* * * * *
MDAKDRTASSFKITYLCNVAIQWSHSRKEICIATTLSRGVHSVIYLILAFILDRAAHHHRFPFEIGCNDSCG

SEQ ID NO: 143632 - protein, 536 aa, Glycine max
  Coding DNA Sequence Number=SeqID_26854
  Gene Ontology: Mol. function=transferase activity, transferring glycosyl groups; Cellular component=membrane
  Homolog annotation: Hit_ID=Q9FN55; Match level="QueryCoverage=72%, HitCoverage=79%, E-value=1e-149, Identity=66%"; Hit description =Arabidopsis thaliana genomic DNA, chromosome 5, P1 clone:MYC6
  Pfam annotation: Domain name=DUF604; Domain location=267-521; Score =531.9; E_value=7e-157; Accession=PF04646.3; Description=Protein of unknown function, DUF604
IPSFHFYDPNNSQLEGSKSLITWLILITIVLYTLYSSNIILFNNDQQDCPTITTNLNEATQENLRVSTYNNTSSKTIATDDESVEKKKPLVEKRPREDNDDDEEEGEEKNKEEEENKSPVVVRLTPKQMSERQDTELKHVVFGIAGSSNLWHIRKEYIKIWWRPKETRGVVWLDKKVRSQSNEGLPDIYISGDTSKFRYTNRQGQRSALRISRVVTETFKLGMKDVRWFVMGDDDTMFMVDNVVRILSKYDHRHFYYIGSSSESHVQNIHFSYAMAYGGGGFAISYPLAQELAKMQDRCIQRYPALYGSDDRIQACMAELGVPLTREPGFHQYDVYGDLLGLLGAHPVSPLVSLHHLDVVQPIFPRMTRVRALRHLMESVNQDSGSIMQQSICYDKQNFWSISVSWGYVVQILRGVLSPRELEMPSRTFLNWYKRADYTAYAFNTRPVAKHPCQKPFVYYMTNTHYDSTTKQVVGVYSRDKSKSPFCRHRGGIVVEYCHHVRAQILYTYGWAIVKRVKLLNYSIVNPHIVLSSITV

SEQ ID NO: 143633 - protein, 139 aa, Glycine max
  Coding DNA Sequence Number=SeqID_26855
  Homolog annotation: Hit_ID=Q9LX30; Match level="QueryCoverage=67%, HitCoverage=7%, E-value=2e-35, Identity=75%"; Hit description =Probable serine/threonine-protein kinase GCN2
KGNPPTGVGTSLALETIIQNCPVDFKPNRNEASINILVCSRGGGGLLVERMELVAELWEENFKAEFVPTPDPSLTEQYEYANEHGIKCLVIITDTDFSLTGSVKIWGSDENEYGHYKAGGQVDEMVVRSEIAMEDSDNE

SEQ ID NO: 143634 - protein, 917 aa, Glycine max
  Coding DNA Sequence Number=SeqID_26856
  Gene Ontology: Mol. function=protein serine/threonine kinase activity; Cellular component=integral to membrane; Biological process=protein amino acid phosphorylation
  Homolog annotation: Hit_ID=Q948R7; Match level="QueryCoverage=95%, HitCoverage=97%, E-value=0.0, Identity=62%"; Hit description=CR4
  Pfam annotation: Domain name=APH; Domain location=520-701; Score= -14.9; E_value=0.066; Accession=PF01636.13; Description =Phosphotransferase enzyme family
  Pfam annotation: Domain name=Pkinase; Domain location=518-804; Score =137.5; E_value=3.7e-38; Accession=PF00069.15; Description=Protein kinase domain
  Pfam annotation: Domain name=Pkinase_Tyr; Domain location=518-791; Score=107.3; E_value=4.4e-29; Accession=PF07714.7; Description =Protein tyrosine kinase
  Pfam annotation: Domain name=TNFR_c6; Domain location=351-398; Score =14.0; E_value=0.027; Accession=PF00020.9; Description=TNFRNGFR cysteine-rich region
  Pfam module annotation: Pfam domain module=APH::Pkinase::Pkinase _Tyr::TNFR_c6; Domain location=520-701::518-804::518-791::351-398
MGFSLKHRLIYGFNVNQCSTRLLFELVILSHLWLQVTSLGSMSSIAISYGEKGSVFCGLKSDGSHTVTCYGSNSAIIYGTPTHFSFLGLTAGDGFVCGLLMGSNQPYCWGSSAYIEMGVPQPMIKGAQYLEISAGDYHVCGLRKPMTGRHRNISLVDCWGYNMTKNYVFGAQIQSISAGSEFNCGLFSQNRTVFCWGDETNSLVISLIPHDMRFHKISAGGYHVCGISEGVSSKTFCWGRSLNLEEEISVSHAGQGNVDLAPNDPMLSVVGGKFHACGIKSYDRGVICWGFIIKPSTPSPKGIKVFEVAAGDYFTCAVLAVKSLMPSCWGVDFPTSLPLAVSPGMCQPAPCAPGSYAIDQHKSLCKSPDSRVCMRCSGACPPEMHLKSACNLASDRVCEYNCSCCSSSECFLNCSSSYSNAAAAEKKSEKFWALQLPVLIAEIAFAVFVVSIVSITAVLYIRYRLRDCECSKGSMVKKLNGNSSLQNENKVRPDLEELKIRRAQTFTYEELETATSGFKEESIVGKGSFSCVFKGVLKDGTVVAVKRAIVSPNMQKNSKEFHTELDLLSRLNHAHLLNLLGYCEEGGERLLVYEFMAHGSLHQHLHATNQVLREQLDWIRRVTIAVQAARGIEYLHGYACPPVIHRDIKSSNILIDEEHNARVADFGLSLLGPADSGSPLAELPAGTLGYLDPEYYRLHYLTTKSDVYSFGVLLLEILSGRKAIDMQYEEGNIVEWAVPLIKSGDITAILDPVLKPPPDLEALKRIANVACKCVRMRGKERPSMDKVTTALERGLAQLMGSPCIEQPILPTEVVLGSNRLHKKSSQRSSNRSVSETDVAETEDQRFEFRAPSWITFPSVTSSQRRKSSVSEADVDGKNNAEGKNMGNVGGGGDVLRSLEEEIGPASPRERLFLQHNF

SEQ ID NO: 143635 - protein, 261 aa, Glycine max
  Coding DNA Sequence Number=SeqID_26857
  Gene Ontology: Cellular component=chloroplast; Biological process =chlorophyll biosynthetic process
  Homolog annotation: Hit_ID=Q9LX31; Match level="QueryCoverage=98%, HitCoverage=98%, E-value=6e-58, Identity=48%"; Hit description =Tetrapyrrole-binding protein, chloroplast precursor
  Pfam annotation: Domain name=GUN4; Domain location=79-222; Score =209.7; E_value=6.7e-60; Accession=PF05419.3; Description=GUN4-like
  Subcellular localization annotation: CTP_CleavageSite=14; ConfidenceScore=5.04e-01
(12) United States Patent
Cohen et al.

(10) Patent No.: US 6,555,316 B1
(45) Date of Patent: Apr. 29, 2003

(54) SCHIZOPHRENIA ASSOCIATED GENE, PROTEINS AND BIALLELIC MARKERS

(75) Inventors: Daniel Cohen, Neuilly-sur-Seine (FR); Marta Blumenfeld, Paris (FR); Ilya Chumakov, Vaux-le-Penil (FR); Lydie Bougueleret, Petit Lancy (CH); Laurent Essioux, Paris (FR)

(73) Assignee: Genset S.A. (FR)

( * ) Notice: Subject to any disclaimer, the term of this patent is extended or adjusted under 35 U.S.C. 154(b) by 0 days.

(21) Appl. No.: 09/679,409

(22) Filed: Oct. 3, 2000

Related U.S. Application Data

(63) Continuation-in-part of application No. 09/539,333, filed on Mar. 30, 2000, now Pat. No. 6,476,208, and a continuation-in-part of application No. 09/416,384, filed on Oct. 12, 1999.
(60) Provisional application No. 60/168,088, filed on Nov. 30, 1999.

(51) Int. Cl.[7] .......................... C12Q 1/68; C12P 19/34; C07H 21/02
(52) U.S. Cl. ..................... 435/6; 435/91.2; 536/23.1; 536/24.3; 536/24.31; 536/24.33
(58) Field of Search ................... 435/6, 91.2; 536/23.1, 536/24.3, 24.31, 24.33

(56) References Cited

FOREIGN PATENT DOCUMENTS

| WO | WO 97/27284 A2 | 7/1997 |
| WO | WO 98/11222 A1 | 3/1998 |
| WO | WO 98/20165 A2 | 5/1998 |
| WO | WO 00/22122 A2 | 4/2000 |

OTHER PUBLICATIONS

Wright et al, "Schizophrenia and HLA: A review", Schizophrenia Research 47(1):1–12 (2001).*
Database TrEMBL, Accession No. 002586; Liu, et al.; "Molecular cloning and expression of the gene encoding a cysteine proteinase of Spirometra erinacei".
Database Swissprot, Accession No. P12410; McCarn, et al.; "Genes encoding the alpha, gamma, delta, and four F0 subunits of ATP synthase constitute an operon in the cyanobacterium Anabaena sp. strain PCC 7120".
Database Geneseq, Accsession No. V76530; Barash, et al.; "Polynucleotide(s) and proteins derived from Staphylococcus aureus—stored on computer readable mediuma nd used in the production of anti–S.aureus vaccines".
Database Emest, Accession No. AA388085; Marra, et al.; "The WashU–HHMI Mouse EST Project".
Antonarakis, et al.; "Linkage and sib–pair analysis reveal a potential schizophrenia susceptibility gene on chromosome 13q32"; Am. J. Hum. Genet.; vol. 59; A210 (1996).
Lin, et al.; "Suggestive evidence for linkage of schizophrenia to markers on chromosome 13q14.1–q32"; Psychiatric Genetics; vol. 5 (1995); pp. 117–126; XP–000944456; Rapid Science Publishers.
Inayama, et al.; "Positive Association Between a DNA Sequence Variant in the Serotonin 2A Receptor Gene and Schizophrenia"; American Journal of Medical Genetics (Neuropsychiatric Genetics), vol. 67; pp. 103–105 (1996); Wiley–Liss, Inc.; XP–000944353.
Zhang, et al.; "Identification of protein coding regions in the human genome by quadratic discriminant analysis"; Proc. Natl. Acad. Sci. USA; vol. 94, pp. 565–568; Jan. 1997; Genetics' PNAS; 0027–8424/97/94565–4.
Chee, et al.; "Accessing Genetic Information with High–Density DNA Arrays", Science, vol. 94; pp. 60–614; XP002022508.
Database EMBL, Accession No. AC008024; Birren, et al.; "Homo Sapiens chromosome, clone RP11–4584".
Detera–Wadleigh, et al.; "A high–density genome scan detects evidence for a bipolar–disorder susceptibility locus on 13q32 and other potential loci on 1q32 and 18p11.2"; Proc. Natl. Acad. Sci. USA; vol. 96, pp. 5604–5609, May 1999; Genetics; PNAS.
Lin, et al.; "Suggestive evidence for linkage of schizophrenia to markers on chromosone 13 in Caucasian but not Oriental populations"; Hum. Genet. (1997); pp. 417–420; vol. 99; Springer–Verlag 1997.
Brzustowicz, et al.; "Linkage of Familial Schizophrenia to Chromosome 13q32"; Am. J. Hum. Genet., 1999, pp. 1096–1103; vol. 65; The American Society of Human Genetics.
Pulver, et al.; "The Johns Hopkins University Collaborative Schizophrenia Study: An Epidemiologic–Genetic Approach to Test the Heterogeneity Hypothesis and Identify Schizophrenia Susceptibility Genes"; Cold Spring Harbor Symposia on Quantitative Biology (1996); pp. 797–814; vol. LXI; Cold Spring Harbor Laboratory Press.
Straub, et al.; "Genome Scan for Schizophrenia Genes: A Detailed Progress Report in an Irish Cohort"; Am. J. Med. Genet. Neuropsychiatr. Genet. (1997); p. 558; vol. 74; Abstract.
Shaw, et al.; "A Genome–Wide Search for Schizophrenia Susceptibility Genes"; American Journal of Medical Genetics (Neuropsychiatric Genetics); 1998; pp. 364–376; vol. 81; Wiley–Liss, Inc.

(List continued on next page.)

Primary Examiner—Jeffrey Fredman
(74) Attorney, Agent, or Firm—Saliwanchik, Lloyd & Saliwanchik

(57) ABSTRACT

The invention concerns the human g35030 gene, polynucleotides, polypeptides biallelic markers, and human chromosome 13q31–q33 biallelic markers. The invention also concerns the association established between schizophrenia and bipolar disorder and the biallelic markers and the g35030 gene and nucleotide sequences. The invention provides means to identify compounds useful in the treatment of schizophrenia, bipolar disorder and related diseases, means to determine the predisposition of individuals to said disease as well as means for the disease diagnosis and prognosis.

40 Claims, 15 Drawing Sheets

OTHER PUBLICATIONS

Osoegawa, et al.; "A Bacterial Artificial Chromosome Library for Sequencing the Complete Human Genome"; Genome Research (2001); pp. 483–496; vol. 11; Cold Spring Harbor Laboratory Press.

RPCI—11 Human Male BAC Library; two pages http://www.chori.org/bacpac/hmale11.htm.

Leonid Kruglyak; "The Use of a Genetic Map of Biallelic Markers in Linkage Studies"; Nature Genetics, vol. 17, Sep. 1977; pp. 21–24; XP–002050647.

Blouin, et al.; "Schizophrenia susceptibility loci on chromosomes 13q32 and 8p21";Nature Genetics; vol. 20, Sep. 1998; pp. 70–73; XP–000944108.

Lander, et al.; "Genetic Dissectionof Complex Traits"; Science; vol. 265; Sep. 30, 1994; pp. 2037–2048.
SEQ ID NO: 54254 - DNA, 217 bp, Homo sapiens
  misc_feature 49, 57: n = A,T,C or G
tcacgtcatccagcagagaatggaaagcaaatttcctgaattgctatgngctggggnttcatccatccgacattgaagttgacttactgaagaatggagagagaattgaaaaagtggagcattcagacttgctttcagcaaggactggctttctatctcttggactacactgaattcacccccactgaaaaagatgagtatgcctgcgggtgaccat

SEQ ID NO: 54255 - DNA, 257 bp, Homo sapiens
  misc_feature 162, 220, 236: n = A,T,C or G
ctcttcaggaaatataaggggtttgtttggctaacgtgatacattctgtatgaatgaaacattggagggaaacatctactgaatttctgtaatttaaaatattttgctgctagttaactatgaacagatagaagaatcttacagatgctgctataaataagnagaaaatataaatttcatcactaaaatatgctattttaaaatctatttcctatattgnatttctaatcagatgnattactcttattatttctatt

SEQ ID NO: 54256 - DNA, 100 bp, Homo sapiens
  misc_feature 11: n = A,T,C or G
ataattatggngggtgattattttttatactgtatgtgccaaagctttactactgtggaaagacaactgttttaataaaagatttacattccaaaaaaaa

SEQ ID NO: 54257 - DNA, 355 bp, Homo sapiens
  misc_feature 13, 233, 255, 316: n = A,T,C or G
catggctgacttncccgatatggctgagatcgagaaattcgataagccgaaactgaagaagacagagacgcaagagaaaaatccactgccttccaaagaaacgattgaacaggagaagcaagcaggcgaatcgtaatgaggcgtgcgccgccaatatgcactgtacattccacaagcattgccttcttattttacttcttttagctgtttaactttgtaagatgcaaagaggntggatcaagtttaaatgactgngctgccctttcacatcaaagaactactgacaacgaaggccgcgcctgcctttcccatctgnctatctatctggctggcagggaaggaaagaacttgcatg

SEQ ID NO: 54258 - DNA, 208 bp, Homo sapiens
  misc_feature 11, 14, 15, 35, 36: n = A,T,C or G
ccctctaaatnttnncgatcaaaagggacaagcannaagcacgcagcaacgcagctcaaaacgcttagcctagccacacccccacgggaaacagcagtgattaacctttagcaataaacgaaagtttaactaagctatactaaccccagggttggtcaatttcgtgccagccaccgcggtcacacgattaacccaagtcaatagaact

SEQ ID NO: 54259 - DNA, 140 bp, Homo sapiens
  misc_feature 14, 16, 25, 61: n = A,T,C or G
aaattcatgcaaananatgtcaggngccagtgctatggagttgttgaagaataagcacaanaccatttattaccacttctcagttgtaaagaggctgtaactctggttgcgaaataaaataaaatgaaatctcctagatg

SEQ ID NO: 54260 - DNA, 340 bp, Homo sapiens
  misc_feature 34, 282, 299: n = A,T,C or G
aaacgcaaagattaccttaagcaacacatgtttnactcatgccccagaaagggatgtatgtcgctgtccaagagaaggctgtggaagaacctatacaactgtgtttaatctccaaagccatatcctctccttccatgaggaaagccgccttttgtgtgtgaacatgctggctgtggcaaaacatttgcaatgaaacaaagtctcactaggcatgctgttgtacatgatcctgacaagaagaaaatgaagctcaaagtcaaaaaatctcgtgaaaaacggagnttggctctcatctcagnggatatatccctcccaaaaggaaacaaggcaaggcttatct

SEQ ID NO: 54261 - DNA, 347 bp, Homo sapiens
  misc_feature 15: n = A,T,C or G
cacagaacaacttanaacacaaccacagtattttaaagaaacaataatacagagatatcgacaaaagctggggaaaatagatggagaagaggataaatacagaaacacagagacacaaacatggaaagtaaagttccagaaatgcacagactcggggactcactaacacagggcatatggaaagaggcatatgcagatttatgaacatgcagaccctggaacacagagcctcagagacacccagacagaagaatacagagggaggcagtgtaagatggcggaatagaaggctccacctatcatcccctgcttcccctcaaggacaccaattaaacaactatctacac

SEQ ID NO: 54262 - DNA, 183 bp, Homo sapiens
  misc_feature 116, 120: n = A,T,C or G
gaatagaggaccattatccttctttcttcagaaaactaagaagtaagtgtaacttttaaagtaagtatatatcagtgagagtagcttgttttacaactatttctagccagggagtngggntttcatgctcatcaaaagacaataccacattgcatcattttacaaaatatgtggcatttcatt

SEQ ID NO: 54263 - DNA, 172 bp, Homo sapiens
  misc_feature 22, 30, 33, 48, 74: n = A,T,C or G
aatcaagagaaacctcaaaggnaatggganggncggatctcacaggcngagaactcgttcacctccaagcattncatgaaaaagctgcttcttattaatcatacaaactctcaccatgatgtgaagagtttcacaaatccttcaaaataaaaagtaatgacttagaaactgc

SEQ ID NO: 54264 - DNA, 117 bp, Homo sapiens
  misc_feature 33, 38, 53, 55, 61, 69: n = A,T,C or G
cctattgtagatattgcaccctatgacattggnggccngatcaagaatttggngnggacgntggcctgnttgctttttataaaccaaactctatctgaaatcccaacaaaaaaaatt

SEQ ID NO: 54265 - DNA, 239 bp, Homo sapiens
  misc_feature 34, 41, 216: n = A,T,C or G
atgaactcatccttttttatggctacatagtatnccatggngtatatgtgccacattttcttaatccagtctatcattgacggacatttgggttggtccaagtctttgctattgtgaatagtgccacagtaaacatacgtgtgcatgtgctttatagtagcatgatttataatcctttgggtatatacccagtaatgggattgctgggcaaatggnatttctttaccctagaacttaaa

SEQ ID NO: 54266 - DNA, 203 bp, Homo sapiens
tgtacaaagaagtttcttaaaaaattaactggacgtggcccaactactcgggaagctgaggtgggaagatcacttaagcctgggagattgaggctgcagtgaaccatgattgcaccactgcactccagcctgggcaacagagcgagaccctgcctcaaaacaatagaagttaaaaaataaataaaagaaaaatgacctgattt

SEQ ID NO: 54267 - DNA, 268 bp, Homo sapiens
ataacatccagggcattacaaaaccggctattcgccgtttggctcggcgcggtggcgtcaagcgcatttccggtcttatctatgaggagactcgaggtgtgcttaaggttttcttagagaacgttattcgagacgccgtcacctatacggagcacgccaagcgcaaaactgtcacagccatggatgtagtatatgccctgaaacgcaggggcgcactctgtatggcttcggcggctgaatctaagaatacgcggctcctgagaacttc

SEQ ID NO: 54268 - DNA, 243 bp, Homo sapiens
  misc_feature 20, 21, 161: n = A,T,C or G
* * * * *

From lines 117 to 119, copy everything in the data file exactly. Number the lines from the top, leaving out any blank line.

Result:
tgtacaaagaagtttcttaaaaaattaactggacgtggcccaactactcgggaagctgaggtgggaagatcacttaagcctgggagattgaggctgcagtgaaccatgattgcaccactgcactccagcctgggcaacagagcgagaccctgcctcaaaacaatagaagttaaaaaataaataaaagaaaaatgacctgattt

SEQ ID NO: 54267 - DNA, 268 bp, Homo sapiens
ataacatccagggcattacaaaaccggctattcgccgtttggctcggcgcggtggcgtcaagcgcatttccggtcttatctatgaggagactcgaggtgtgcttaaggttttcttagagaacgttattcgagacgccgtcacctatacggagcacgccaagcgcaaaactgtcacagccatggatgtagtatatgccctgaaacgcaggggcgcactctgtatggcttcggcggctgaatctaagaatacgcggctcctgagaacttc